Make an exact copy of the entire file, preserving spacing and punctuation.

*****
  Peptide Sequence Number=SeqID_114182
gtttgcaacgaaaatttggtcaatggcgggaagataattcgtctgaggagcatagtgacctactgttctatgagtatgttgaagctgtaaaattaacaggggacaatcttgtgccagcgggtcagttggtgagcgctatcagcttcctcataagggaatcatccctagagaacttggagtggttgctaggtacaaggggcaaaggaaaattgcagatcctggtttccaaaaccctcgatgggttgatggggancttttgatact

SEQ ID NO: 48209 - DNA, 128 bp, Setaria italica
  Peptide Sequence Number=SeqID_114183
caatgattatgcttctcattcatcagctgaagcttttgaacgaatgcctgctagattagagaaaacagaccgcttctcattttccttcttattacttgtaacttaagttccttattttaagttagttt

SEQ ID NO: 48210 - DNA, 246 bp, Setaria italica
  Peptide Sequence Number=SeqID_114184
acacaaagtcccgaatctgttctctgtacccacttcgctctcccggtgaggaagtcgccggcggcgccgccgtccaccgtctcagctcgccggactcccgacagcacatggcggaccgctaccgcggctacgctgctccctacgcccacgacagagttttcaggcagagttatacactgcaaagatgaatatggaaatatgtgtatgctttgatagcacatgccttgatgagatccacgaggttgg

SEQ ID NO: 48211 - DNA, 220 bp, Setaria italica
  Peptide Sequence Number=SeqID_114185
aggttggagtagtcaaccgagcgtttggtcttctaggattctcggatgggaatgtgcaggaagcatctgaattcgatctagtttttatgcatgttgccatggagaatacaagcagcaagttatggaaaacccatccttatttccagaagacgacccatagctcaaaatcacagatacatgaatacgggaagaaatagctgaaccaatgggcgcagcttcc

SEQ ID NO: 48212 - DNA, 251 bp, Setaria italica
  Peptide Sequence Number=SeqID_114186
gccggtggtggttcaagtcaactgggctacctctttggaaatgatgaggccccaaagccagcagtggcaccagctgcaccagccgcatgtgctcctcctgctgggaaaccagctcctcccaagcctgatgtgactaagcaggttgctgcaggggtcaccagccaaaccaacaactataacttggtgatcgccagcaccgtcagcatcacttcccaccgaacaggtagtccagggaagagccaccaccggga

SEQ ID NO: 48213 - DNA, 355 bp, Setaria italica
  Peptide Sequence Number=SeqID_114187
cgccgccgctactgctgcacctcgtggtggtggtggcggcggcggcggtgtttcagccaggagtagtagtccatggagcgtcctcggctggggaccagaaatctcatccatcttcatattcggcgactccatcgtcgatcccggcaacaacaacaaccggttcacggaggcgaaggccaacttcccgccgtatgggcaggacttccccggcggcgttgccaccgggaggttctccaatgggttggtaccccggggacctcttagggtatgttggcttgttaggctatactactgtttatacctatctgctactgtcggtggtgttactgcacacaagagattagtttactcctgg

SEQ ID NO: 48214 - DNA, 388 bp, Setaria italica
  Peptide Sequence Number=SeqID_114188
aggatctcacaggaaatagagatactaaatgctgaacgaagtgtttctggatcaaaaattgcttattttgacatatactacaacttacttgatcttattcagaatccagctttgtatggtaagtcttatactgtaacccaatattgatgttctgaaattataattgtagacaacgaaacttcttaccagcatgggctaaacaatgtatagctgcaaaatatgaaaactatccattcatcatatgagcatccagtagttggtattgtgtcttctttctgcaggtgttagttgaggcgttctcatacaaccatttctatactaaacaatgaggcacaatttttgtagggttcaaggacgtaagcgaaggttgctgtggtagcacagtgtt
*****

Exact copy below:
  Peptide Sequence Number=SeqID_114182
gtttgcaacgaaaatttggtcaatggcgggaagataattcgtctgaggagcatagtgacctactgttctatgagtatgttgaagctgtaaaattaacaggggacaatcttgtgccagcgggtcagttggtgagcgctatcagcttcctcataagggaatcatccctagagaacttggagtggttgctaggtacaaggggcaaaggaaaattgcagatcctggtttccaaaaccctcgatgggttgatggggancttttgatact

SEQ ID NO: 48209 - DNA, 128 bp, Setaria italica
  Peptide Sequence Number=SeqID_114183
caatgattatgcttctcattcatcagctgaagcttttgaacgaatgcctgctagattagagaaaacagaccgcttctcattttccttcttattacttgtaacttaagttccttattttaagttagttt

SEQ ID NO: 48210 - DNA, 246 bp, Setaria italica
  Peptide Sequence Number=SeqID_114184
acacaaagtcccgaatctgttctctgtacccacttcgctctcccggtgaggaagtcgccggcggcgccgccgtccaccgtctcagctcgccggactcccgacagcacatggcggaccgctaccgcggctacgctgctccctacgcccacgacagagttttcaggcagagttatacactgcaaagatgaatatggaaatatgtgtatgctttgatagcacatgccttgatgagatccacgaggttgg

SEQ ID NO: 48211 - DNA, 220 bp, Setaria italica
  Peptide Sequence Number=SeqID_114185
aggttggagtagtcaaccgagcgtttggtcttctaggattctcggatgggaatgtgcaggaagcatctgaattcgatctagtttttatgcatgttgccatggagaatacaagcagcaagttatggaaaacccatccttatttccagaagacgacccatagctcaaaatcacagatacatgaatacgggaagaaatagctgaaccaatgggcgcagcttcc

SEQ ID NO: 48212 - DNA, 251 bp, Setaria italica
  Peptide Sequence Number=SeqID_114186
gccggtggtggttcaagtcaactgggctacctctttggaaatgatgaggccccaaagccagcagtggcaccagctgcaccagccgcatgtgctcctcctgctgggaaaccagctcctcccaagcctgatgtgactaagcaggttgctgcaggggtcaccagccaaaccaacaactataacttggtgatcgccagcaccgtcagcatcacttcccaccgaacaggtagtccagggaagagccaccaccggga

SEQ ID NO: 48213 - DNA, 355 bp, Setaria italica
  Peptide Sequence Number=SeqID_114187
cgccgccgctactgctgcacctcgtggtggtggtggcggcggcggcggtgtttcagccaggagtagtagtccatggagcgtcctcggctggggaccagaaatctcatccatcttcatattcggcgactccatcgtcgatcccggcaacaacaacaaccggttcacggaggcgaaggccaacttcccgccgtatgggcaggacttccccggcggcgttgccaccgggaggttctccaatgggttggtaccccggggacctcttagggtatgttggcttgttaggctatactactgtttatacctatctgctactgtcggtggtgttactgcacacaagagattagtttactcctgg

SEQ ID NO: 48214 - DNA, 388 bp, Setaria italica
  Peptide Sequence Number=SeqID_114188
aggatctcacaggaaatagagatactaaatgctgaacgaagtgtttctggatcaaaaattgcttattttgacatatactacaacttacttgatcttattcagaatccagctttgtatggtaagtcttatactgtaacccaatattgatgttctgaaattataattgtagacaacgaaacttcttaccagcatgggctaaacaatgtatagctgcaaaatatgaaaactatccattcatcatatgagcatccagtagttggtattgtgtcttctttctgcaggtgttagttgaggcgttctcatacaaccatttctatactaaacaatgaggcacaatttttgtagggttcaaggacgtaagcgaaggttgctgtggtagcacagtgtt